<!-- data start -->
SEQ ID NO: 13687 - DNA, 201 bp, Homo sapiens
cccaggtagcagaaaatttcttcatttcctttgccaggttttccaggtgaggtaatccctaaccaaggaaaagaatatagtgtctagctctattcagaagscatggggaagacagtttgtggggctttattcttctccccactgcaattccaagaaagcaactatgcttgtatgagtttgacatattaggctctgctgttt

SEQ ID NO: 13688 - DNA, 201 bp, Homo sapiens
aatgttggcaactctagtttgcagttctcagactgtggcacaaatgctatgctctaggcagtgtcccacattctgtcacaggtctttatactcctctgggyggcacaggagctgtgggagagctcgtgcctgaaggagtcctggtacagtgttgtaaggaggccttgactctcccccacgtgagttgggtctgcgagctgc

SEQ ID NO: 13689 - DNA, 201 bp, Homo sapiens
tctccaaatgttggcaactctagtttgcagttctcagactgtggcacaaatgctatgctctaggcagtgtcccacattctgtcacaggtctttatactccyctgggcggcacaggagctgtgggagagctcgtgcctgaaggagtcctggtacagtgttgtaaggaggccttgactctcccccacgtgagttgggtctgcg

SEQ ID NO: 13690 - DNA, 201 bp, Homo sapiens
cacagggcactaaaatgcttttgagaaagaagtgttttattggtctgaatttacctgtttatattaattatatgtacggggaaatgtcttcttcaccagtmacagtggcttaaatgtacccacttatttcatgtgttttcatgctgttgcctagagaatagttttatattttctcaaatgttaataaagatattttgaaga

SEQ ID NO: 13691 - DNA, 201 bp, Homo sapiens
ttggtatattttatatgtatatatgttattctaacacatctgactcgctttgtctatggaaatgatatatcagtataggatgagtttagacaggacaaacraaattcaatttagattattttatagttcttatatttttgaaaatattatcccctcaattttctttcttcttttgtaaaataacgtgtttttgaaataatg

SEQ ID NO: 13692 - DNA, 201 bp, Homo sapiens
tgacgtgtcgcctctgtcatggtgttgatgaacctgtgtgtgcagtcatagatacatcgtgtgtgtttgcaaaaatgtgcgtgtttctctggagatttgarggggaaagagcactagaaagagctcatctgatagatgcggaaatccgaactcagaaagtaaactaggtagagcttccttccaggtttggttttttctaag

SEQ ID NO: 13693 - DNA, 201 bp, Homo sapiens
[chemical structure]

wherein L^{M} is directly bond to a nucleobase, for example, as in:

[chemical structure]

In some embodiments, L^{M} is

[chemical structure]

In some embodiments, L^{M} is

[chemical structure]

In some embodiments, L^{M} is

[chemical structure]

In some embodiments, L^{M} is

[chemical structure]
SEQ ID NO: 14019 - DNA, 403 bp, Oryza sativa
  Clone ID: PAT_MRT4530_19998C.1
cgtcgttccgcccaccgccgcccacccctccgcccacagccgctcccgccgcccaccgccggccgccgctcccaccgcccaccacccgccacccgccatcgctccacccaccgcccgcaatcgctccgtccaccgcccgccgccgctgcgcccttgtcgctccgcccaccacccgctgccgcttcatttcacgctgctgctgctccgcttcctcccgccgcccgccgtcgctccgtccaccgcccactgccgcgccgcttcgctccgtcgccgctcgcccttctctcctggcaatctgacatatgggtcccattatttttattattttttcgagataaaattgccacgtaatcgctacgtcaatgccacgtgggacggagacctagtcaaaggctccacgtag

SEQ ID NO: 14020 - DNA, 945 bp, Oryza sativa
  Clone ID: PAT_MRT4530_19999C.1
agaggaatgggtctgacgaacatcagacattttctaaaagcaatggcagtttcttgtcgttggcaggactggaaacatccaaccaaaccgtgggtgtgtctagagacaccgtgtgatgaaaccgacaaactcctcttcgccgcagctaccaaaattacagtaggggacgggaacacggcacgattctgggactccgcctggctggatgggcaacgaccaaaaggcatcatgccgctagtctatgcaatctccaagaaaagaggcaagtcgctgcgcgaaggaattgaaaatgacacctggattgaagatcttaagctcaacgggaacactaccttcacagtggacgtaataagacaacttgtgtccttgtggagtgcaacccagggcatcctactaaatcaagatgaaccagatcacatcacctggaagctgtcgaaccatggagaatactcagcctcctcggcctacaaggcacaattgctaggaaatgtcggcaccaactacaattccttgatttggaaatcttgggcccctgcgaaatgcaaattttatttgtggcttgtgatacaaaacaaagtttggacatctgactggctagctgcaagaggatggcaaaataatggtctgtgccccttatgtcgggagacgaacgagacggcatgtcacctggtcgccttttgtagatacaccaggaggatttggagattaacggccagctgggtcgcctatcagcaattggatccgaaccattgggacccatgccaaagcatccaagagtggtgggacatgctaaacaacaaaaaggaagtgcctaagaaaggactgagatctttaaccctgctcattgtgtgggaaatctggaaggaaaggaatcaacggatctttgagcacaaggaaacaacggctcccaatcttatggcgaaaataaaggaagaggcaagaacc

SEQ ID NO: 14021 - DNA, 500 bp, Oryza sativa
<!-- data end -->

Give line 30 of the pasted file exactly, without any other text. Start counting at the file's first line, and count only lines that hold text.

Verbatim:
agaggaatgggtctgacgaacatcagacattttctaaaagcaatggcagtttcttgtcgttggcaggactggaaacatccaaccaaaccgtgggtgtgtctagagacaccgtgtgatgaaaccgacaaactcctcttcgccgcagctaccaaaattacagtaggggacgggaacacggcacgattctgggactccgcctggctggatgggcaacgaccaaaaggcatcatgccgctagtctatgcaatctccaagaaaagaggcaagtcgctgcgcgaaggaattgaaaatgacacctggattgaagatcttaagctcaacgggaacactaccttcacagtggacgtaataagacaacttgtgtccttgtggagtgcaacccagggcatcctactaaatcaagatgaaccagatcacatcacctggaagctgtcgaaccatggagaatactcagcctcctcggcctacaaggcacaattgctaggaaatgtcggcaccaactacaattccttgatttggaaatcttgggcccctgcgaaatgcaaattttatttgtggcttgtgatacaaaacaaagtttggacatctgactggctagctgcaagaggatggcaaaataatggtctgtgccccttatgtcgggagacgaacgagacggcatgtcacctggtcgccttttgtagatacaccaggaggatttggagattaacggccagctgggtcgcctatcagcaattggatccgaaccattgggacccatgccaaagcatccaagagtggtgggacatgctaaacaacaaaaaggaagtgcctaagaaaggactgagatctttaaccctgctcattgtgtgggaaatctggaaggaaaggaatcaacggatctttgagcacaaggaaacaacggctcccaatcttatggcgaaaataaaggaagaggcaagaacc